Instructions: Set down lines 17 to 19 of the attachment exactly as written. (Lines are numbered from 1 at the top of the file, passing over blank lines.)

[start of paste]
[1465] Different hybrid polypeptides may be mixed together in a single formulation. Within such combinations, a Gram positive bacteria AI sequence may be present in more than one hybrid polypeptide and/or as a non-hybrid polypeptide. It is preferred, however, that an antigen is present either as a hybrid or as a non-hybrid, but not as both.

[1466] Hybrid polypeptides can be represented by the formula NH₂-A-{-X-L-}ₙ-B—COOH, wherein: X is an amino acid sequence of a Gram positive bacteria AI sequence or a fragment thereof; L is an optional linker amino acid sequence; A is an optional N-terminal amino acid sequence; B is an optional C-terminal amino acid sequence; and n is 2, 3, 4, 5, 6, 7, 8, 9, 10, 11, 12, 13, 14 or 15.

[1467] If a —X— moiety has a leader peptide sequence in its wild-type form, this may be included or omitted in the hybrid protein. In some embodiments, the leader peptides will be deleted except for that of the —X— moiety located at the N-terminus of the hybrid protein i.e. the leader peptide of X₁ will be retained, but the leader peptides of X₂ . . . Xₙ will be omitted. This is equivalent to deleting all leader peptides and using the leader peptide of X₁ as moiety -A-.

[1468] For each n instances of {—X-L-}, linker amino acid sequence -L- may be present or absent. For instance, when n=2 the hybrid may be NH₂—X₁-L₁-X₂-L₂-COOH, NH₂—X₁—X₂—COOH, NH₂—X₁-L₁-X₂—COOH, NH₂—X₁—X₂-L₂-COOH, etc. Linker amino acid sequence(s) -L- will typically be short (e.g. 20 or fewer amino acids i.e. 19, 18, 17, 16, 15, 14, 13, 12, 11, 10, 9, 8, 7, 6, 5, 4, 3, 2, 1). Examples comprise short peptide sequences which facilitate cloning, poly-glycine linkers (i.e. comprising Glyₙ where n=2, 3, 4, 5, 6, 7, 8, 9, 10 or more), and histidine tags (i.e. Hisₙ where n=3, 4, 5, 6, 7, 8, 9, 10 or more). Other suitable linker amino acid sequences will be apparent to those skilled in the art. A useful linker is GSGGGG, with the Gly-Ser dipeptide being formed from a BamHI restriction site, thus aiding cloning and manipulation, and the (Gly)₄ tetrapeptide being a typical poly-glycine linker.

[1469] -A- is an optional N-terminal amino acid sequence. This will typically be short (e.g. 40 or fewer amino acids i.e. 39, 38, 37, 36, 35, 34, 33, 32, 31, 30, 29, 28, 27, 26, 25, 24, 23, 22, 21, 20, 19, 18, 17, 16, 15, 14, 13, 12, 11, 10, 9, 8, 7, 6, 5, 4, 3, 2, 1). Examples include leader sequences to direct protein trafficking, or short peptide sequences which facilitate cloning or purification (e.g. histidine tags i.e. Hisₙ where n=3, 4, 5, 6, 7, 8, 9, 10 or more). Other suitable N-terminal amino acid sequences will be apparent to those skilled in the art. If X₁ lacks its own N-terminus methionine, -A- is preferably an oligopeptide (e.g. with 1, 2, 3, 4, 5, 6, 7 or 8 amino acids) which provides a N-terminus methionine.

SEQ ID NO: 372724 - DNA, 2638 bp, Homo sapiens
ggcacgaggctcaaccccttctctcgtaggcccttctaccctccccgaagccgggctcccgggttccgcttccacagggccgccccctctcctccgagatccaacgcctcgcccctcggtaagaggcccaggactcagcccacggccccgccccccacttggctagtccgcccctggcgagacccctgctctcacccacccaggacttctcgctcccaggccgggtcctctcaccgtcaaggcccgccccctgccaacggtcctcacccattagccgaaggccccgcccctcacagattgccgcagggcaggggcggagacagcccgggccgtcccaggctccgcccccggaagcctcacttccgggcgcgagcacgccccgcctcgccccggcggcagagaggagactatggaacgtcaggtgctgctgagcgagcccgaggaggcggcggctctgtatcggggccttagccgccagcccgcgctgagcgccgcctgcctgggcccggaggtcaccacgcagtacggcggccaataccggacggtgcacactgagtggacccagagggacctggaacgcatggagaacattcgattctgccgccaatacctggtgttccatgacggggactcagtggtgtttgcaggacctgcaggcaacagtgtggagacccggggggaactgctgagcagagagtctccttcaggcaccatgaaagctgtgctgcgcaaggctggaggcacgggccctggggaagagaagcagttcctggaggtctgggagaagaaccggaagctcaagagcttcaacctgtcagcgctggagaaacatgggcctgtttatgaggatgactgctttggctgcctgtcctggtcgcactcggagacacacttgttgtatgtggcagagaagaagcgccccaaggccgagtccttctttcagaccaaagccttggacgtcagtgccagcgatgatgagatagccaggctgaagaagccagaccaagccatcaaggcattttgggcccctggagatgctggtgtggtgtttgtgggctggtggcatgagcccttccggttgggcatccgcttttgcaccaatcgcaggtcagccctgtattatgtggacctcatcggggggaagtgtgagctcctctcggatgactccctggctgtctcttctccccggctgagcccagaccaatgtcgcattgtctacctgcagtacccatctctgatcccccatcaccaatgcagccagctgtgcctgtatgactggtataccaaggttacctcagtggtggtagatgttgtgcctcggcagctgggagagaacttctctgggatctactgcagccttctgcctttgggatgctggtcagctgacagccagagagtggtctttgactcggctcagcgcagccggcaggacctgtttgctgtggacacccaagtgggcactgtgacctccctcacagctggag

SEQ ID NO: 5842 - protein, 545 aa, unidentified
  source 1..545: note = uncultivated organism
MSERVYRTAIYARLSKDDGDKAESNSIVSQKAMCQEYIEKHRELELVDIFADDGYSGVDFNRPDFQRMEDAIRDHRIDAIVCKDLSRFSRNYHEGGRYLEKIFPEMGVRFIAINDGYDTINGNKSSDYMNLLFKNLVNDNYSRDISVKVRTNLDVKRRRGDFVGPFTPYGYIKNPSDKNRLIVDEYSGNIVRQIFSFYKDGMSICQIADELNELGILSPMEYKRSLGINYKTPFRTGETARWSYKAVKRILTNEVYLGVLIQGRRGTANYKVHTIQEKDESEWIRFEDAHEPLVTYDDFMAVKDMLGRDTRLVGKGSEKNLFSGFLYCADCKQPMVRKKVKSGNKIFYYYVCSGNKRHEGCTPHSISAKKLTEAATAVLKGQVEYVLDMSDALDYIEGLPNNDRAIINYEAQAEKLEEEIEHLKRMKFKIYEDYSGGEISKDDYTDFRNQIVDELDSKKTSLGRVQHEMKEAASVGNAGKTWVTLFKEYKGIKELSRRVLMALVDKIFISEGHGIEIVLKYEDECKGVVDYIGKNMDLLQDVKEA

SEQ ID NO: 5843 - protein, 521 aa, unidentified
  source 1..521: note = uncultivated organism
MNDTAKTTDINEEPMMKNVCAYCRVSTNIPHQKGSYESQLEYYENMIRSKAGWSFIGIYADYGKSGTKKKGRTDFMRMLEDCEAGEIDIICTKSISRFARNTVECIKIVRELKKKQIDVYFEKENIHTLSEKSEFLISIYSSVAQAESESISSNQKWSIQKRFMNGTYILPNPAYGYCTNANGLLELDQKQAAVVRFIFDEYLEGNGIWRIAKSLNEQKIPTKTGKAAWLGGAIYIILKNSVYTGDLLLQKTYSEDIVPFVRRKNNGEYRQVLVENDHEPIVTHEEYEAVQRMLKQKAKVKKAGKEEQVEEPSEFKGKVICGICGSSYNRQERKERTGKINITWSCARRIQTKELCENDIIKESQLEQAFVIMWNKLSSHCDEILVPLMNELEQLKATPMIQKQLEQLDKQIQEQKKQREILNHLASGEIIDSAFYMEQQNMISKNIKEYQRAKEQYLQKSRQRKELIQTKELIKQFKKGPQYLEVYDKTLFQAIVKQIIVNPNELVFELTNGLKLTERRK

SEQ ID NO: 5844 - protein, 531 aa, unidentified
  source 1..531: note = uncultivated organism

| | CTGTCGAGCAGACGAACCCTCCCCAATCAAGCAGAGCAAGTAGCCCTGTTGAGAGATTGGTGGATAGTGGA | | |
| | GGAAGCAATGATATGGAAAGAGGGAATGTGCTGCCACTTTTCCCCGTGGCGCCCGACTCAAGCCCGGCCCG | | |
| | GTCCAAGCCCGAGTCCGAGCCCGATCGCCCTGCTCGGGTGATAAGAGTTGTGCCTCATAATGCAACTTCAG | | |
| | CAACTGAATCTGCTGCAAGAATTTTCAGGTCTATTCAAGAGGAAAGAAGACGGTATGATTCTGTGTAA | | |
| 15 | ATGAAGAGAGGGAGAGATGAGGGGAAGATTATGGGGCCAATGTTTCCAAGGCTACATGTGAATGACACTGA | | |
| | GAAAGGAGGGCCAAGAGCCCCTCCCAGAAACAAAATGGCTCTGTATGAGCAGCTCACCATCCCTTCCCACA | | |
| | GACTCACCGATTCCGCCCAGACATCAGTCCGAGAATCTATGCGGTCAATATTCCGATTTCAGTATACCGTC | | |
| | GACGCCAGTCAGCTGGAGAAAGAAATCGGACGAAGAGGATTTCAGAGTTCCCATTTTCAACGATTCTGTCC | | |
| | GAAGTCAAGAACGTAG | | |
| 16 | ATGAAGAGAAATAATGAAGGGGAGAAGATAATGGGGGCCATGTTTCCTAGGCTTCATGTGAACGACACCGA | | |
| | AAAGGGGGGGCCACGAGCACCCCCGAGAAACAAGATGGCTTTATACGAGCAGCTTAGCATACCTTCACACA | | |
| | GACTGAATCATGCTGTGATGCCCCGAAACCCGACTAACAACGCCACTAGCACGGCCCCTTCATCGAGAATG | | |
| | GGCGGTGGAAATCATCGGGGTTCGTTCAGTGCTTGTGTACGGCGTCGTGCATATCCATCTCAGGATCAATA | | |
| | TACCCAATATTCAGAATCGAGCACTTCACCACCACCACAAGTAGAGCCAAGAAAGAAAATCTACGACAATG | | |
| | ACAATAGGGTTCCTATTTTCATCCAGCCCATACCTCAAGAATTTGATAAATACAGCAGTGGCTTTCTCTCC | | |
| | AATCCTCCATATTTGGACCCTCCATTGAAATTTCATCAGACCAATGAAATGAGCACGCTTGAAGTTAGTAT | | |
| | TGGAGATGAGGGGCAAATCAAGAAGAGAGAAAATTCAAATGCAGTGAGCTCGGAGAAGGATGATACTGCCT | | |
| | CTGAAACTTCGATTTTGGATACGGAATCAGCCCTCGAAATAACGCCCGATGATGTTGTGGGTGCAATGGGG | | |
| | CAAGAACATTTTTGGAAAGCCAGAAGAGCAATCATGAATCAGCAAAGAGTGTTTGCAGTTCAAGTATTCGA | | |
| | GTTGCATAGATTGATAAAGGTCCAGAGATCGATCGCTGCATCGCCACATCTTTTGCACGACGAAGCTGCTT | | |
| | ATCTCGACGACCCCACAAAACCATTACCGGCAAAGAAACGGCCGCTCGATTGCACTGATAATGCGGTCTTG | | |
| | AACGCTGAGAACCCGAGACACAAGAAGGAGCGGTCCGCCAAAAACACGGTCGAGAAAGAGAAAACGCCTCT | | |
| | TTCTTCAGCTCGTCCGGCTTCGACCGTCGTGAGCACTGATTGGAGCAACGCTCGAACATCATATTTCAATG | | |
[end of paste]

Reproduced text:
| | GGAAGCAATGATATGGAAAGAGGGAATGTGCTGCCACTTTTCCCCGTGGCGCCCGACTCAAGCCCGGCCCG | | |
| | GTCCAAGCCCGAGTCCGAGCCCGATCGCCCTGCTCGGGTGATAAGAGTTGTGCCTCATAATGCAACTTCAG | | |
| | CAACTGAATCTGCTGCAAGAATTTTCAGGTCTATTCAAGAGGAAAGAAGACGGTATGATTCTGTGTAA | | |